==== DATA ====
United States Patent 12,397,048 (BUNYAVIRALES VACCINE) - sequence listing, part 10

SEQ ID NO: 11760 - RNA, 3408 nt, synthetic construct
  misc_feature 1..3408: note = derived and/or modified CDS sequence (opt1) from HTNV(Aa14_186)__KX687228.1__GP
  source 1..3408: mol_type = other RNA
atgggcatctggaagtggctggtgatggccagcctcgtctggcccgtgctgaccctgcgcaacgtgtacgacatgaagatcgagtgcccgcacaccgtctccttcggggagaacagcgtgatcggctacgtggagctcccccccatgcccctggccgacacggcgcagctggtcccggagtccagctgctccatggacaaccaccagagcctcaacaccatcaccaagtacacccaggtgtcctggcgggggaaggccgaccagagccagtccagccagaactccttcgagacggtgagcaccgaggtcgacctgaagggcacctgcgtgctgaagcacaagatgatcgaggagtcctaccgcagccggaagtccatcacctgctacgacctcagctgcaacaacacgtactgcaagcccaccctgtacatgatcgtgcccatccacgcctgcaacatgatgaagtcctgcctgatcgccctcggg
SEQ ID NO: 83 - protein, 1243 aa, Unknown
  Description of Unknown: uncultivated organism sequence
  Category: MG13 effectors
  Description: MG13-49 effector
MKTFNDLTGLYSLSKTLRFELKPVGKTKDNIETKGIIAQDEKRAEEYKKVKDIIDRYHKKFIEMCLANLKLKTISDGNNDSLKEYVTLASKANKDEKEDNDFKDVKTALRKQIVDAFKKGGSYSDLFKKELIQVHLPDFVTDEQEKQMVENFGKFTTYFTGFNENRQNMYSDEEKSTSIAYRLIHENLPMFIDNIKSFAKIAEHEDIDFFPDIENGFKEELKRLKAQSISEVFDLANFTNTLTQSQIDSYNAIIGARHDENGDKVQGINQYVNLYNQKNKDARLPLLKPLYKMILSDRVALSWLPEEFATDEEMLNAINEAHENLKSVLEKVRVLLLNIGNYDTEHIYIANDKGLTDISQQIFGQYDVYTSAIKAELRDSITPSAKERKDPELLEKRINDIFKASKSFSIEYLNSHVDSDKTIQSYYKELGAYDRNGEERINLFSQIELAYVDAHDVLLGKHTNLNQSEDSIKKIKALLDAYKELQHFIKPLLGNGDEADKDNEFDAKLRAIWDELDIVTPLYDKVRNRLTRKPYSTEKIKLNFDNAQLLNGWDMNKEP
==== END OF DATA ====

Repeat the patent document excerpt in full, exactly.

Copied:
United States Patent 12,397,048 (BUNYAVIRALES VACCINE) - sequence listing, part 10

SEQ ID NO: 11760 - RNA, 3408 nt, synthetic construct
  misc_feature 1..3408: note = derived and/or modified CDS sequence (opt1) from HTNV(Aa14_186)__KX687228.1__GP
  source 1..3408: mol_type = other RNA
atgggcatctggaagtggctggtgatggccagcctcgtctggcccgtgctgaccctgcgcaacgtgtacgacatgaagatcgagtgcccgcacaccgtctccttcggggagaacagcgtgatcggctacgtggagctcccccccatgcccctggccgacacggcgcagctggtcccggagtccagctgctccatggacaaccaccagagcctcaacaccatcaccaagtacacccaggtgtcctggcgggggaaggccgaccagagccagtccagccagaactccttcgagacggtgagcaccgaggtcgacctgaagggcacctgcgtgctgaagcacaagatgatcgaggagtcctaccgcagccggaagtccatcacctgctacgacctcagctgcaacaacacgtactgcaagcccaccctgtacatgatcgtgcccatccacgcctgcaacatgatgaagtcctgcctgatcgccctcggg
SEQ ID NO: 83 - protein, 1243 aa, Unknown
  Description of Unknown: uncultivated organism sequence
  Category: MG13 effectors
  Description: MG13-49 effector
MKTFNDLTGLYSLSKTLRFELKPVGKTKDNIETKGIIAQDEKRAEEYKKVKDIIDRYHKKFIEMCLANLKLKTISDGNNDSLKEYVTLASKANKDEKEDNDFKDVKTALRKQIVDAFKKGGSYSDLFKKELIQVHLPDFVTDEQEKQMVENFGKFTTYFTGFNENRQNMYSDEEKSTSIAYRLIHENLPMFIDNIKSFAKIAEHEDIDFFPDIENGFKEELKRLKAQSISEVFDLANFTNTLTQSQIDSYNAIIGARHDENGDKVQGINQYVNLYNQKNKDARLPLLKPLYKMILSDRVALSWLPEEFATDEEMLNAINEAHENLKSVLEKVRVLLLNIGNYDTEHIYIANDKGLTDISQQIFGQYDVYTSAIKAELRDSITPSAKERKDPELLEKRINDIFKASKSFSIEYLNSHVDSDKTIQSYYKELGAYDRNGEERINLFSQIELAYVDAHDVLLGKHTNLNQSEDSIKKIKALLDAYKELQHFIKPLLGNGDEADKDNEFDAKLRAIWDELDIVTPLYDKVRNRLTRKPYSTEKIKLNFDNAQLLNGWDMNKEP